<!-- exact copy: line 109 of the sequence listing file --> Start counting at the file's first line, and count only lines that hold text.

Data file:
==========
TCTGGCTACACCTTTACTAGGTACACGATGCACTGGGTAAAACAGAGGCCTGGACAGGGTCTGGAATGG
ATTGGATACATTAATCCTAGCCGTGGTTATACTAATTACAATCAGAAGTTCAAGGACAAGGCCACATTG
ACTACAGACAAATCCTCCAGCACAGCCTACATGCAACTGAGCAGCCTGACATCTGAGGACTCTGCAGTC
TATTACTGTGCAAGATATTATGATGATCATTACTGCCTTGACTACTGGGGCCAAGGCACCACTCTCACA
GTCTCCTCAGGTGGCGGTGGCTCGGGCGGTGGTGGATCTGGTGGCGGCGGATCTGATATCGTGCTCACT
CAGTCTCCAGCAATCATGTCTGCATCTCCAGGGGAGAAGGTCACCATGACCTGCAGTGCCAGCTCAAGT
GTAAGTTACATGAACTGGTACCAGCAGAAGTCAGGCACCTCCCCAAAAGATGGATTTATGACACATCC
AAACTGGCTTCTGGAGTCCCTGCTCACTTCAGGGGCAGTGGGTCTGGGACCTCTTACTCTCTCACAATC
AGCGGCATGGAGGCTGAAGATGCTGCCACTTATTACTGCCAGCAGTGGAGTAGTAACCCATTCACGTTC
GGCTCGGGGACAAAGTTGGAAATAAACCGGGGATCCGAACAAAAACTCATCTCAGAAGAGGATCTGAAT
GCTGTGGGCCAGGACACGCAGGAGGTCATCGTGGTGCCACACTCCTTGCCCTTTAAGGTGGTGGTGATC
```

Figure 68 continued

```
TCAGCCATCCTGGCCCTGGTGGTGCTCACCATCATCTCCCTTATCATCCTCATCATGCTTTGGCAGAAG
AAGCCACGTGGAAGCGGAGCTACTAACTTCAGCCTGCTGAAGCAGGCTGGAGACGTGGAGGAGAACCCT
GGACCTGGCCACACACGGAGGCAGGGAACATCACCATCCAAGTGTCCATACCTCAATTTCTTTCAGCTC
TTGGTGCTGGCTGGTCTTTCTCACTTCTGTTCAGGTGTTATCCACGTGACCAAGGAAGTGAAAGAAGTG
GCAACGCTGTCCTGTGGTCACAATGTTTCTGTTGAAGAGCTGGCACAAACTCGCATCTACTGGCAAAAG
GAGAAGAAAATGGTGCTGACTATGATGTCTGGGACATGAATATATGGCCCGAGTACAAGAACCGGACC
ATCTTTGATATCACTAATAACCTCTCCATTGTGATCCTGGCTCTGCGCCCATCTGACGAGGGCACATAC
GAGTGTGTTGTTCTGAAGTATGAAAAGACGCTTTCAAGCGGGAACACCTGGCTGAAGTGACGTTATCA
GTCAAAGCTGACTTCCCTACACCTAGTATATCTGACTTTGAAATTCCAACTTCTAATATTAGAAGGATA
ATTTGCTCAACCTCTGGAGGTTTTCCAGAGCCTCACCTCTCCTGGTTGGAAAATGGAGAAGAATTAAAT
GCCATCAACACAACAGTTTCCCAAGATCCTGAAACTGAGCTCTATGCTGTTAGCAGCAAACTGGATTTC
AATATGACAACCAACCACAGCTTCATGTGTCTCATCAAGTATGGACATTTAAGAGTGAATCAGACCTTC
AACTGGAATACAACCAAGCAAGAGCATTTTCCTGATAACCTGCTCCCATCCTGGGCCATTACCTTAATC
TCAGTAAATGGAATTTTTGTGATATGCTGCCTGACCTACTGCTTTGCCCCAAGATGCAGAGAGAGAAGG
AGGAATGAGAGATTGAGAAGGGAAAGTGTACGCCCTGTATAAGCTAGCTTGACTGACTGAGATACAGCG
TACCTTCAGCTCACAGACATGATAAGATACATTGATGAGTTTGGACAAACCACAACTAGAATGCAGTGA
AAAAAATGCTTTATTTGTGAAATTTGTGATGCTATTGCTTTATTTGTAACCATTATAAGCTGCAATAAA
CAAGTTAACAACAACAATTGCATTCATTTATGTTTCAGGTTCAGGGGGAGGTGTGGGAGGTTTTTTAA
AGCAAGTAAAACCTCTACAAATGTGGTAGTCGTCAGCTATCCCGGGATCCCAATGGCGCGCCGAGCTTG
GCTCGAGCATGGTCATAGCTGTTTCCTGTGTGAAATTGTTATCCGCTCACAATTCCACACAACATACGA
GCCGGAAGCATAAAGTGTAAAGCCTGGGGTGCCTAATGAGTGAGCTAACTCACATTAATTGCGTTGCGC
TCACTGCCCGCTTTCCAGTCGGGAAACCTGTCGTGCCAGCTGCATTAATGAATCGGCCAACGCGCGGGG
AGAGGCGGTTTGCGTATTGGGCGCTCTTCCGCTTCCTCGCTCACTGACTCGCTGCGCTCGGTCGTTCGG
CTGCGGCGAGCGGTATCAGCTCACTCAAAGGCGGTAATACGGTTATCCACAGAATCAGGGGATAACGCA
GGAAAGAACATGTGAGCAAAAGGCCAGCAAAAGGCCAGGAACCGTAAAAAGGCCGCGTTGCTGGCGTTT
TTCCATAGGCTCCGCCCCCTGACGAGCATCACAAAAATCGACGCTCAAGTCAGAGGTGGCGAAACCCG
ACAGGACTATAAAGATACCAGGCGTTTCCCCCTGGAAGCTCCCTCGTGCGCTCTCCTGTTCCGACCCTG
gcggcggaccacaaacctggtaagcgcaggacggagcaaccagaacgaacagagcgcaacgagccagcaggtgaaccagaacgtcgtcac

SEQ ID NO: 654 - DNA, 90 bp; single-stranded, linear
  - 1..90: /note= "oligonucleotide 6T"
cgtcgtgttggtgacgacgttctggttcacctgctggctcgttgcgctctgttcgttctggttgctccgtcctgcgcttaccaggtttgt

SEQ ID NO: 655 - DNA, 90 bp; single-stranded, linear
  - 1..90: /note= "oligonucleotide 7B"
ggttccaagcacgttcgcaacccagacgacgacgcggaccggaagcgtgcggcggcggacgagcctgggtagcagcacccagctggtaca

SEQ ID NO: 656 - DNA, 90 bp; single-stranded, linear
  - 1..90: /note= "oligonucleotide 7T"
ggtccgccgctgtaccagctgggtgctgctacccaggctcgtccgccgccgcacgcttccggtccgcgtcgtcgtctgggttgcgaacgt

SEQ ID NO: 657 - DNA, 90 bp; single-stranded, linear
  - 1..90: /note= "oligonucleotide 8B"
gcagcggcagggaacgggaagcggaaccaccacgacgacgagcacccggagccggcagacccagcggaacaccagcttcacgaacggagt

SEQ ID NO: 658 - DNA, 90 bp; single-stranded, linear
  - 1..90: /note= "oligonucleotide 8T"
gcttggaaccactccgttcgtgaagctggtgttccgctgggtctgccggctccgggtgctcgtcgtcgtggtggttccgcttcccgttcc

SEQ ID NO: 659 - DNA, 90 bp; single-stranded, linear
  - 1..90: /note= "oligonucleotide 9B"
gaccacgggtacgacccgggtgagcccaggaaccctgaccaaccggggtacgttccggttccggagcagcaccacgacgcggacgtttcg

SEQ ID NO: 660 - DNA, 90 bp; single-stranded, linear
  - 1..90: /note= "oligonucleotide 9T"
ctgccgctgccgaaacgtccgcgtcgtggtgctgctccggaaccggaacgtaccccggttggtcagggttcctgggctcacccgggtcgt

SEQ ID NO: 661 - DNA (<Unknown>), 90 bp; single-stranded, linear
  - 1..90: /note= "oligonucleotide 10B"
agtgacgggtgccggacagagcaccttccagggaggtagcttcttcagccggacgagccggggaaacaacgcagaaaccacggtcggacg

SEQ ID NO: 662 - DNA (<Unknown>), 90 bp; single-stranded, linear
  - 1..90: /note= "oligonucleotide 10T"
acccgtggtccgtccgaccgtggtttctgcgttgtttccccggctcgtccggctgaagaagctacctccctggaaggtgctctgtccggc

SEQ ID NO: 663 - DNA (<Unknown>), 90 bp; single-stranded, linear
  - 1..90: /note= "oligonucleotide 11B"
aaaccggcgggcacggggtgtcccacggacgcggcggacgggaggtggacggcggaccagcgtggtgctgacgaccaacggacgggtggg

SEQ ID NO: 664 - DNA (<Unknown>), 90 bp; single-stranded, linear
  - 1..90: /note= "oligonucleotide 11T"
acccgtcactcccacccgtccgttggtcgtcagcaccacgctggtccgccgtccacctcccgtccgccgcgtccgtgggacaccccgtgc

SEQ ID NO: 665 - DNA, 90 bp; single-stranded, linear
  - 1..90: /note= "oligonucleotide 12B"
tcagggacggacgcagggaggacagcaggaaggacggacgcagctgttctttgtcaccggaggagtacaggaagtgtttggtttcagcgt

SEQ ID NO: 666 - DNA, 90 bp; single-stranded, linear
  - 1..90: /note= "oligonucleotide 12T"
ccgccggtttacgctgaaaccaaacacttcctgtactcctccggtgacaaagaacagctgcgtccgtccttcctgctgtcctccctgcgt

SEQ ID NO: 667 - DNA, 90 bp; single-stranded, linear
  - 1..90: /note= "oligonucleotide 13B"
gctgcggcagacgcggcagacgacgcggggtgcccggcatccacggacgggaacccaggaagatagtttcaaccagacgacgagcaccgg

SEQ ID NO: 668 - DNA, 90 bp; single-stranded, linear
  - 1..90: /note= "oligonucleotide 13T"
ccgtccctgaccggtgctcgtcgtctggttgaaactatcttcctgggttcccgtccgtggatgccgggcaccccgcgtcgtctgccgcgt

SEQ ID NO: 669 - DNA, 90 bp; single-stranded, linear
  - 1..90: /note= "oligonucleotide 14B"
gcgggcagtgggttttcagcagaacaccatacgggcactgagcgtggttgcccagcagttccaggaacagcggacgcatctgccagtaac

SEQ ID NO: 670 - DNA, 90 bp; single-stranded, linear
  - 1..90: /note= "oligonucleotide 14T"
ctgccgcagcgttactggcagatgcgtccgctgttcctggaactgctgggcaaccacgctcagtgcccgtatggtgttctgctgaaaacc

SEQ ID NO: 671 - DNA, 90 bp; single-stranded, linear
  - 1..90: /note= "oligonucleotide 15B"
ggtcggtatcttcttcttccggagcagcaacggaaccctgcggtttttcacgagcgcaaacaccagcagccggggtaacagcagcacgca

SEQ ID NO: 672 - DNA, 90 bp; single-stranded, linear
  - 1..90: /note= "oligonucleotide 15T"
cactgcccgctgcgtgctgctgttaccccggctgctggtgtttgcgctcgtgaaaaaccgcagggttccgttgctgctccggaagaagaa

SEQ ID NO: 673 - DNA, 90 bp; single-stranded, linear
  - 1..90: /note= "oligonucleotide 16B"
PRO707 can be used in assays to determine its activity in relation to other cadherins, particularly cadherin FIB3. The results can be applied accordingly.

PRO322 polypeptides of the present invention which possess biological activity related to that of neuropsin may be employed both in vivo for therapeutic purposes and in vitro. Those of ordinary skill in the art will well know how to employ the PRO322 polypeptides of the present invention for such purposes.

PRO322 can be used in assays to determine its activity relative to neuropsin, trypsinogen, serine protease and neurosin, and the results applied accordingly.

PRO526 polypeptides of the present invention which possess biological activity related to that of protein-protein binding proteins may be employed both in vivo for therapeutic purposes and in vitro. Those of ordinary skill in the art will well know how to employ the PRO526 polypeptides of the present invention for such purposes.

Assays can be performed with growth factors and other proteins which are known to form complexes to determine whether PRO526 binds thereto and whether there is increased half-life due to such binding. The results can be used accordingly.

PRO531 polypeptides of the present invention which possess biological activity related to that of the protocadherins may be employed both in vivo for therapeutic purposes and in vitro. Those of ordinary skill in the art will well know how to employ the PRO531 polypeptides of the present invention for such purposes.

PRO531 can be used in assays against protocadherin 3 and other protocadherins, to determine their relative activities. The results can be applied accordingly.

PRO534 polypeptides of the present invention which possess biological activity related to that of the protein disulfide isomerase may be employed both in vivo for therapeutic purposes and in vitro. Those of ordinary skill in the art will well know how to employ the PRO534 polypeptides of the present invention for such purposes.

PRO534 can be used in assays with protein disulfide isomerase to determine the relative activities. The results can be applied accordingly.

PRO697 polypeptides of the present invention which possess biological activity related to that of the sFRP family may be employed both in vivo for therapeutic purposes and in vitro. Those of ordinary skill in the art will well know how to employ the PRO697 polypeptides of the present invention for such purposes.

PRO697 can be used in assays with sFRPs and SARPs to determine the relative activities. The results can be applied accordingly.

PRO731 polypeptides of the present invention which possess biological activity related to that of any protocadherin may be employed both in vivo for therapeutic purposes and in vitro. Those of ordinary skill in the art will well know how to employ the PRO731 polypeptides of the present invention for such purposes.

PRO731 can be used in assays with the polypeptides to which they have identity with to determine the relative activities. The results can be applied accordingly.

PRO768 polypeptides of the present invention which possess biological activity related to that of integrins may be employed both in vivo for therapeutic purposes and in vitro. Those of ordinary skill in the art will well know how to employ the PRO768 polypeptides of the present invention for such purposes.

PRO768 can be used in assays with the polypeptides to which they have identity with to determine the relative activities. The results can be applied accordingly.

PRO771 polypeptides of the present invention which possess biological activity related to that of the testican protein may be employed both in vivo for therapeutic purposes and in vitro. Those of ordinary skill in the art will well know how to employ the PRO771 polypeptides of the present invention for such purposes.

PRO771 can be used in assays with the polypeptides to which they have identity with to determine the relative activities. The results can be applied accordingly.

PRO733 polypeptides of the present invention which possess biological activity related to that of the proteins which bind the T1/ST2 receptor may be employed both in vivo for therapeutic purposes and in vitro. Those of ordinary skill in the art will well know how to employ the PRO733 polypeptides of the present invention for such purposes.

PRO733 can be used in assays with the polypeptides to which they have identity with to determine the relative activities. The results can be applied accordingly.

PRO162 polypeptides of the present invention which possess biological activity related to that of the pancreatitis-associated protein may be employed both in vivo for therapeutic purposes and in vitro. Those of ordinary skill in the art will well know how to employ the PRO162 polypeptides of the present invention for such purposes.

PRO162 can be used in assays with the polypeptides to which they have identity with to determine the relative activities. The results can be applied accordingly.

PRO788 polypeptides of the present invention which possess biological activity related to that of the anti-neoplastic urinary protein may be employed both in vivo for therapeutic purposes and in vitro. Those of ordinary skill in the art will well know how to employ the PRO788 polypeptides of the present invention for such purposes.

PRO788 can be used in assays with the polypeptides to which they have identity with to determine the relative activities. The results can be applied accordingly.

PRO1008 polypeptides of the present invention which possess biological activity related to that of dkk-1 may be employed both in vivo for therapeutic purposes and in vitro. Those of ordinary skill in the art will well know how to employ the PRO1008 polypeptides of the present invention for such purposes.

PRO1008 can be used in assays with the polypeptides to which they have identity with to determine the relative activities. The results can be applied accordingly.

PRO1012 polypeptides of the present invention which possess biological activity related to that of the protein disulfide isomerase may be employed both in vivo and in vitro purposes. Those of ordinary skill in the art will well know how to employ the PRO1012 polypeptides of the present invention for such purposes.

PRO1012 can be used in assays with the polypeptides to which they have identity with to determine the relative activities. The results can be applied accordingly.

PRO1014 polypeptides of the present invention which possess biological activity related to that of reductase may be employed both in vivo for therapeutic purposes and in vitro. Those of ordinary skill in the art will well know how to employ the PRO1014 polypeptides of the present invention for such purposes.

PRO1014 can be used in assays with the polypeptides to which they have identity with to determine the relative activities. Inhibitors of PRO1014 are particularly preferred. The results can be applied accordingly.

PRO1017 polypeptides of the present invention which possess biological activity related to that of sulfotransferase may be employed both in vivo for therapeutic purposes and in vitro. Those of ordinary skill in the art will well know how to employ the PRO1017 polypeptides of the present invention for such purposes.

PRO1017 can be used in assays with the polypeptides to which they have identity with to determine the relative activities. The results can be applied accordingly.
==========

PRO534 polypeptides of the present invention which possess biological activity related to that of the protein disulfide isomerase may be employed both in vivo for therapeutic purposes and in vitro. Those of ordinary skill in the art will well know how to employ the PRO534 polypeptides of the present invention for such purposes.